Pelicans fans expressed their anger with the controversial ending to Wednesday night’s game between Denver and New Orleans, but Zion Williamson decided to take the high road.
With less than 10 seconds remaining in regulation and the Nuggets leading the Pelicans by two points, New Orleans forward Brandon Ingram found Williamson at the basket for a dunk attempt. As Williamson elevated toward the rim, Denver center Nikola Jokic reached out for a game-saving block, giving the Nuggets their third straight victory.
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On the initial replay angles, it appeared Jokic swiped the ball away clean.
However, one camera angle along the baseline showed Jokic making clear contact with Williamson’s right arm.
When asked about the play and how he has been officiated early in his NBA career, Williamson told reporters that he simply had to “learn from it and just finish it next time.”
“I’ve got to earn my respect. I’m only in Year 2,” Williamson said. “I’ve got to get a couple more years under my belt, and hopefully things change with that.”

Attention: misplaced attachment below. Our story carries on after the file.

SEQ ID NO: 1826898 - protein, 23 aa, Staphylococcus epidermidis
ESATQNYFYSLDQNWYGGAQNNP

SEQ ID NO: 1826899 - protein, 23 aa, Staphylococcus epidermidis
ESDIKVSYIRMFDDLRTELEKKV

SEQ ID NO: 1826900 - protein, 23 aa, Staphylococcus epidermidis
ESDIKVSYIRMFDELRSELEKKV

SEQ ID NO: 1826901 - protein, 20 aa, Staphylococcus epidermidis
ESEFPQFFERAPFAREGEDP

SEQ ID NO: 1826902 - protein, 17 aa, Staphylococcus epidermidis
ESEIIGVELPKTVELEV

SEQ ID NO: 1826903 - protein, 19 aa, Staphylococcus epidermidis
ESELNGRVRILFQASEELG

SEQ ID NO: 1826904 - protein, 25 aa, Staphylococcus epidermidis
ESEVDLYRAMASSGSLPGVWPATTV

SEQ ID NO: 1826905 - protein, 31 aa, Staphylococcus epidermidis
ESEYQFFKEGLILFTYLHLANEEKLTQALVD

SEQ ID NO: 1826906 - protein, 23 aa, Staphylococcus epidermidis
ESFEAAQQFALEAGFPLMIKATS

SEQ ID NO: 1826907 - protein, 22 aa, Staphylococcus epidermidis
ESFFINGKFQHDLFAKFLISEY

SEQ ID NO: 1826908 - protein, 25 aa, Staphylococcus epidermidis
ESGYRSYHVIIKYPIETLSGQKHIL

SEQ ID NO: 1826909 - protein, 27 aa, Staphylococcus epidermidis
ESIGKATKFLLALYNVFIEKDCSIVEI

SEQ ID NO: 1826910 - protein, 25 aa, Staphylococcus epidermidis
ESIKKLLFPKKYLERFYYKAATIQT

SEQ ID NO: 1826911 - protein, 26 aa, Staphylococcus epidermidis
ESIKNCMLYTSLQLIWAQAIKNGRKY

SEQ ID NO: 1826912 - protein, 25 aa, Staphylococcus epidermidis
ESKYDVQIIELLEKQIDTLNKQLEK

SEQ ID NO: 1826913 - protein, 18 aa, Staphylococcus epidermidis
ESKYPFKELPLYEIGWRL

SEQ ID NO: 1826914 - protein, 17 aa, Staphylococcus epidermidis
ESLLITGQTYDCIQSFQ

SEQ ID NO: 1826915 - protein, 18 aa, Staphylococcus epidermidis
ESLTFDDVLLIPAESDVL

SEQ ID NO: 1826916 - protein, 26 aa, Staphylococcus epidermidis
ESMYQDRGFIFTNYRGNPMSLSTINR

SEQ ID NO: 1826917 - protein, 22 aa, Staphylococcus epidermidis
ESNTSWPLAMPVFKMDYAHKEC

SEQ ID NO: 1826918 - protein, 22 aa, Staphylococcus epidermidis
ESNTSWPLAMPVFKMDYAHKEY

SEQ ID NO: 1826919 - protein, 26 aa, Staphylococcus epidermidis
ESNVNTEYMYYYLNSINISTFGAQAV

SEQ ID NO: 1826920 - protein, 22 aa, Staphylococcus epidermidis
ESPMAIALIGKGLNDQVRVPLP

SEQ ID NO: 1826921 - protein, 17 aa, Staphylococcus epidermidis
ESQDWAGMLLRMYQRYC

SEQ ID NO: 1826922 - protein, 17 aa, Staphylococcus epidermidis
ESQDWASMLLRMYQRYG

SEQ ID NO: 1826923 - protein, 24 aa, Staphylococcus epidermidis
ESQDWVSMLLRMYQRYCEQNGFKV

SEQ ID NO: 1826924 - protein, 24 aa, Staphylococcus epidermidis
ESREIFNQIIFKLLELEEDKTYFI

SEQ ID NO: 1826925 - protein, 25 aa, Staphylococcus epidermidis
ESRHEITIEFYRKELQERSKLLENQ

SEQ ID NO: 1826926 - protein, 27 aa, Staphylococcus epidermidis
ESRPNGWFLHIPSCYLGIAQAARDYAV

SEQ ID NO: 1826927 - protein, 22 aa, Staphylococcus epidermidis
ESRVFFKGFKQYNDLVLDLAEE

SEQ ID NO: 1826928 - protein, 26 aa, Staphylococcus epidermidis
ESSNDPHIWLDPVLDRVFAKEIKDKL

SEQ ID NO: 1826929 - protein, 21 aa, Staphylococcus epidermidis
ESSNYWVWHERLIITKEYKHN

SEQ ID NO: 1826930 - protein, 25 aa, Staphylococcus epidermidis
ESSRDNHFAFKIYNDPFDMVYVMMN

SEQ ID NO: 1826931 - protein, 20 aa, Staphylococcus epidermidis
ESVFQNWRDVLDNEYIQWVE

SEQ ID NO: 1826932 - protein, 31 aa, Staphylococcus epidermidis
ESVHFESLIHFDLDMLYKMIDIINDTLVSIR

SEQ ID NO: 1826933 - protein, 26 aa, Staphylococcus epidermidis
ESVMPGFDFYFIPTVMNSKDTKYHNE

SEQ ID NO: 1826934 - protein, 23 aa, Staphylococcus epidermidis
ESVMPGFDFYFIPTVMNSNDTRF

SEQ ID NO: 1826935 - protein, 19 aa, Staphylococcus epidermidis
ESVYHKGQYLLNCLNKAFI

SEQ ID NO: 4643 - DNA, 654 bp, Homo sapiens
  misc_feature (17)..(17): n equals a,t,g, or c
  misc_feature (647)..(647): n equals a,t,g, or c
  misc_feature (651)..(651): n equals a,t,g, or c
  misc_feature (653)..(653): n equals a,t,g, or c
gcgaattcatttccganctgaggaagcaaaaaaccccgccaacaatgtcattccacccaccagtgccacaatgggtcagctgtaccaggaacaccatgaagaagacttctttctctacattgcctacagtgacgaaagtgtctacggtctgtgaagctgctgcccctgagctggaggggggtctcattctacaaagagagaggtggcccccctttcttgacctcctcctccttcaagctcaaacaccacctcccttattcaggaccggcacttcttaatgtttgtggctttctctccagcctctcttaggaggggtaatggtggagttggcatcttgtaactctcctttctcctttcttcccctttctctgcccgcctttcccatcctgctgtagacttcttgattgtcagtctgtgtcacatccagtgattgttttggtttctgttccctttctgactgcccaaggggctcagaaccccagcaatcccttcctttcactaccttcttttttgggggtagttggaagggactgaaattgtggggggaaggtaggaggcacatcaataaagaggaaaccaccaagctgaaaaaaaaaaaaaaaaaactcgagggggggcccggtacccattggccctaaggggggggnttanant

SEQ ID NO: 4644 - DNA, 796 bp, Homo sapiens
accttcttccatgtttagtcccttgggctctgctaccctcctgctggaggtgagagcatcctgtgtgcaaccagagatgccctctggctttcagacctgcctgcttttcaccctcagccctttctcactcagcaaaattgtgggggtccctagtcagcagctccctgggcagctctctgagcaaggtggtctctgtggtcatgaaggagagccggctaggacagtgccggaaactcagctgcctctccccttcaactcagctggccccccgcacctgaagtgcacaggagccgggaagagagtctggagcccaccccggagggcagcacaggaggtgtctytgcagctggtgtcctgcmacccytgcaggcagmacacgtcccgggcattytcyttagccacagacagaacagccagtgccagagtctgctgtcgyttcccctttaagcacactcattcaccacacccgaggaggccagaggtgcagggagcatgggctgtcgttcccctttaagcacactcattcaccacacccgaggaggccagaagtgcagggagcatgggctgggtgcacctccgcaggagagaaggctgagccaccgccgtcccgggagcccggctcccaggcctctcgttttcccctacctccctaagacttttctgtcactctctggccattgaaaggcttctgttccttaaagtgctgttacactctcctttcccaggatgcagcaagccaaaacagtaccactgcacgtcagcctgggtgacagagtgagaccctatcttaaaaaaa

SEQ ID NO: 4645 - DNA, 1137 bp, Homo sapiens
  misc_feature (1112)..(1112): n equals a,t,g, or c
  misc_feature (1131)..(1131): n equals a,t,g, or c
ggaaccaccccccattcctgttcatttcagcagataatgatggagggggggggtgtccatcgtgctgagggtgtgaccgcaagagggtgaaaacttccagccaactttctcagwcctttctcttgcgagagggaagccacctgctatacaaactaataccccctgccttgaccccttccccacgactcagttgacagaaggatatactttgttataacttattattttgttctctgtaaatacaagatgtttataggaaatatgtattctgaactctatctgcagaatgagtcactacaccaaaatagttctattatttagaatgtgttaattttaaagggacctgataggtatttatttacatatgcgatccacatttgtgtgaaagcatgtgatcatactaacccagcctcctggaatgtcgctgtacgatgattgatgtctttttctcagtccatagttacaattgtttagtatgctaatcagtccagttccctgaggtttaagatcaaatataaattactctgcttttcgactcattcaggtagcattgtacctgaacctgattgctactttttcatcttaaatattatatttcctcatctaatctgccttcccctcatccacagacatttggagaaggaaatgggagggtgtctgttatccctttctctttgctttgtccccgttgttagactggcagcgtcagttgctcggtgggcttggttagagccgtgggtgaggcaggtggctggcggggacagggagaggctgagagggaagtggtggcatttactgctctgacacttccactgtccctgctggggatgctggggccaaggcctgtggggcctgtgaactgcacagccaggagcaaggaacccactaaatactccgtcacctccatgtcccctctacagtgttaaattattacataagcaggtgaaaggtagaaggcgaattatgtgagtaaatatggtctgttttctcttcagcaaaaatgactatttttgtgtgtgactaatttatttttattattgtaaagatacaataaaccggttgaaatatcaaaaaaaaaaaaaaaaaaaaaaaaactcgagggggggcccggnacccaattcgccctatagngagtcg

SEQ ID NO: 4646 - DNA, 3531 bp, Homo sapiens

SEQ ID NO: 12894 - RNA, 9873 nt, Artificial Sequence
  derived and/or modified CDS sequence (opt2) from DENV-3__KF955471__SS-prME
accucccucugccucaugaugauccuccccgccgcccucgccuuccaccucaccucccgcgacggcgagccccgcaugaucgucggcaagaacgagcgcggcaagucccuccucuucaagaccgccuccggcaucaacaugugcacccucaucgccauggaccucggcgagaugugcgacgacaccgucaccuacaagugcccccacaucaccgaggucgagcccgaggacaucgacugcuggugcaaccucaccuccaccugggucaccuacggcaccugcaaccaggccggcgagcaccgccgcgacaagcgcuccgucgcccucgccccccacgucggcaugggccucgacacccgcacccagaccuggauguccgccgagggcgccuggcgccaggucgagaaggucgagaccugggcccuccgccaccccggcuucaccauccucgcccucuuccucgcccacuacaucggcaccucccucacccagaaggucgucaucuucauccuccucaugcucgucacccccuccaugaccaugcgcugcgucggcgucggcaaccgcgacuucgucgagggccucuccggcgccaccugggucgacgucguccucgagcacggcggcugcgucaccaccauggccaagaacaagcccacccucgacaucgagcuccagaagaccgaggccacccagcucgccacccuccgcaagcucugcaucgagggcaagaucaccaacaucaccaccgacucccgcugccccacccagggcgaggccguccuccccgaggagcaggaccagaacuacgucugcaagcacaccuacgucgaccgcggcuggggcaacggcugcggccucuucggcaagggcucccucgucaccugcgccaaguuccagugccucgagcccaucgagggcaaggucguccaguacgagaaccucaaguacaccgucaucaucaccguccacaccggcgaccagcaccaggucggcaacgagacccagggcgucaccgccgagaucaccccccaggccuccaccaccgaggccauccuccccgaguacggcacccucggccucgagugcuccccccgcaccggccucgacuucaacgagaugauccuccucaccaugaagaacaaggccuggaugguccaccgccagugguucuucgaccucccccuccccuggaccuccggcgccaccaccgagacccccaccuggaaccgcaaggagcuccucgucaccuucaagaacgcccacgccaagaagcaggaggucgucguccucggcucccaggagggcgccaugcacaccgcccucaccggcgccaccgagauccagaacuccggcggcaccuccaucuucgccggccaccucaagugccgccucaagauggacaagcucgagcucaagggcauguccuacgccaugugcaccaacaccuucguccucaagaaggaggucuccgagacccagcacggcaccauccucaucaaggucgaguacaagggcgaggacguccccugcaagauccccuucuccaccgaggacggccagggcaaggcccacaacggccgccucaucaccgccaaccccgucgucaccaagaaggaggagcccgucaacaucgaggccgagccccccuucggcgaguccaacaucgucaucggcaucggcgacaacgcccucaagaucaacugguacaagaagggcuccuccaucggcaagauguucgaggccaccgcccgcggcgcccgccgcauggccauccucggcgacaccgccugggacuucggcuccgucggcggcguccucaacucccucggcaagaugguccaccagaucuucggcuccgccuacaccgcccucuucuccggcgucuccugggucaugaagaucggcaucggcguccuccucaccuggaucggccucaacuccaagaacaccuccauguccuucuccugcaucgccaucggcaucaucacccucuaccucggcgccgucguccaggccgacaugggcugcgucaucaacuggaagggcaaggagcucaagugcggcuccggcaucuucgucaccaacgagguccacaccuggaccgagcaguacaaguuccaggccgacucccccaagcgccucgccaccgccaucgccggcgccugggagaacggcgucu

Pelicans coach Stan Van Gundy was told by the officiating crew that Jokic got “all ball” on the play. While he didn’t come right out and say a foul should have been called, Van Gundy did voice his frustration with the general lack of consistency in terms of how officiating crews treat Williamson.
“What more does he have to do to get those calls? I don’t know. That’s a great question,” Van Gundy said. “I do think strength gets punished in this league a lot more than quickness. If you’re able to go through contact a little bit, it’s called differently. If you fall down every time you’re hit or you flop, you get calls. That’s just the way it is. It’s not just Zion. That’s just the way it is.”
Williamson is third in the league in free throw attempts per game (8.6) behind only Bucks forward Giannis Antetokounmpo (9.9) and Hawks guard Trae Young (8.8). Still, Van Gundy believes that number should be higher.
“[Williamson] doesn’t flop, and he doesn’t yell and scream at the referees,” Van Gundy said. “He gets to the free throw line a lot. I’ve had referees say to me, ‘How many free throws has he shot?’ It’s a stupid question. It doesn’t matter. Call it every single time he gets fouled. That’s all your job is. It’s not a matter of, ‘Well, he shot eight free throws, or he shot 10 free throws.’ There are nights he should shoot 20. So call it. That’s all. Just call it.”